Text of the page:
Judge: Limelight Didn’t Infringe Akamai Patents

A federal judge has overturned last year’s jury verdict that Limelight Networks infringed on patents owned by Akamai Technologies, marking a major reversal in the patent battle between the two leading content delivery networks. Last February a jury ordered Limelight to pay Akamai $45 million for infringing upon a patent (U.S. Patent No. 6,108,703 ) by Akamai founders Tom Leighton and Daniel Lewin.

On Friday afternoon a judge from the U.S. District Court of Massachusetts granted a motion from Limelight seeking top overturn the verdict.

“We are pleased the Court granted our motion for reconsideration in this matter and ruled in our favor,” said Jeff Lunsford, chairman and chief executive officer of Limelight Networks (LLNW). “We have long maintained that we do not infringe the ‘703 patent. This ruling affirms that Limelight Networks respects the intellectual property of others, and that our growth and success have been achieved through our own innovation, hard work, and customer-focused operations.”

Akamai (AKAM) said it plans to appeal the juge’s ruling. In the meantime, Limelight said the ruling would allow it to free up $66 million it has reserved to pay potential damages, legal fees and other expenses associated with the case.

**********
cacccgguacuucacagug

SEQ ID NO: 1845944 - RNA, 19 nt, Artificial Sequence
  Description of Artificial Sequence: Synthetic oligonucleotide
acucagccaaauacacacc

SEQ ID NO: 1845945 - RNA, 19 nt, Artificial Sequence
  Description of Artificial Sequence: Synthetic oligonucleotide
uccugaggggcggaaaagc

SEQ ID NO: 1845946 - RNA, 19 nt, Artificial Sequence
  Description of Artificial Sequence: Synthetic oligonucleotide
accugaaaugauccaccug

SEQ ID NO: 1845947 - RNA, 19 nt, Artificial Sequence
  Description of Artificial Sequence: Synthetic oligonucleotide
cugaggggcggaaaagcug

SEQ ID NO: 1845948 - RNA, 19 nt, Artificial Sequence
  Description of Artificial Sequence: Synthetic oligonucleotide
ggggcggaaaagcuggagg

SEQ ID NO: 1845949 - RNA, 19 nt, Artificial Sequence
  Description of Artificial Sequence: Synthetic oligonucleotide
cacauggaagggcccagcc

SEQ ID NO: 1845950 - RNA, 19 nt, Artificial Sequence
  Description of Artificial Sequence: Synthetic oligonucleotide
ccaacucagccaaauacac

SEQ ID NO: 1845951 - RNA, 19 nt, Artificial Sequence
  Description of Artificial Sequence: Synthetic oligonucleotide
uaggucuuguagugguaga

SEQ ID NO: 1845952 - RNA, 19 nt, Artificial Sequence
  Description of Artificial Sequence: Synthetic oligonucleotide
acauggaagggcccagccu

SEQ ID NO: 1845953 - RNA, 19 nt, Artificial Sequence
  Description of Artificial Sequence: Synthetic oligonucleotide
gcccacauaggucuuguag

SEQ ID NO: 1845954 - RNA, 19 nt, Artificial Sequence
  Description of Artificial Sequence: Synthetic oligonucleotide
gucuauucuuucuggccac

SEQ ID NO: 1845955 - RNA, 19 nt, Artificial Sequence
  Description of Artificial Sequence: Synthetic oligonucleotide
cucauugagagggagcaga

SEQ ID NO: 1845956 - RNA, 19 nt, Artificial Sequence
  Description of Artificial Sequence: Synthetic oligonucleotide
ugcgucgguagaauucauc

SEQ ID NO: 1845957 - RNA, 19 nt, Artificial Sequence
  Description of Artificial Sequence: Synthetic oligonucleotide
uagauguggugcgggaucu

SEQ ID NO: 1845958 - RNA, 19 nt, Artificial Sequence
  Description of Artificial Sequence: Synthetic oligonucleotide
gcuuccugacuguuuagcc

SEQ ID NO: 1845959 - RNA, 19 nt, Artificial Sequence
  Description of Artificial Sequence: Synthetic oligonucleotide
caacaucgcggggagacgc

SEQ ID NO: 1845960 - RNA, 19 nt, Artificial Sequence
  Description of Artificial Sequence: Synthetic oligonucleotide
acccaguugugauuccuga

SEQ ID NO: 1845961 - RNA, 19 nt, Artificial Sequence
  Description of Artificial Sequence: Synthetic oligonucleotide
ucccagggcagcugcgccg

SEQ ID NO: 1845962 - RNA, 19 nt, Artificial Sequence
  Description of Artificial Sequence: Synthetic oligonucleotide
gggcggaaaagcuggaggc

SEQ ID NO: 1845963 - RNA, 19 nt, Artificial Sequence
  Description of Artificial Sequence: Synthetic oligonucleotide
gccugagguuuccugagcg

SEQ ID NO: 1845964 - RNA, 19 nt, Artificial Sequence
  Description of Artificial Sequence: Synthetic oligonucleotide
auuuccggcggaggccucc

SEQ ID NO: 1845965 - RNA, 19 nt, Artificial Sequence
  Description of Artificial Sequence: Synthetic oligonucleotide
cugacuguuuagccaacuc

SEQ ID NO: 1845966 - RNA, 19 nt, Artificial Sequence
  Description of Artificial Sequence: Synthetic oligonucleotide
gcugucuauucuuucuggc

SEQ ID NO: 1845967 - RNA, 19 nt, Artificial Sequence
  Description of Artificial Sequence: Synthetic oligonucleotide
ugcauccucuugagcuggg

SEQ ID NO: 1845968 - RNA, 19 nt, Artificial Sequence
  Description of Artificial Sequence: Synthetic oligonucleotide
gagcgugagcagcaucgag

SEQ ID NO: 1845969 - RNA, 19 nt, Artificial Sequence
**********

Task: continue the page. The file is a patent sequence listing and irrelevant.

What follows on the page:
At the time of the Februart 2008 jury verdict, Limelight stated that “an unfavorable outcome could seriously impact the Company’s ability to conduct business” and that “a permanent injunction could prevent us from operating our CDN altogether.” In October Limelight said it had rewritten the content delivery network software it licensed to Microsoft Corp. If the revised software can support Limelight’s own network, it could reduce the impact of the Akamai patent ruling on Limelight’s ongoing operations.

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About the Author

Rich Miller is the founder and editor at large of Data Center Knowledge, and has been reporting on the data center sector since 2000. He has tracked the growing impact of high-density computing on the power and cooling of data centers, and the resulting push for improved energy efficiency in these facilities.

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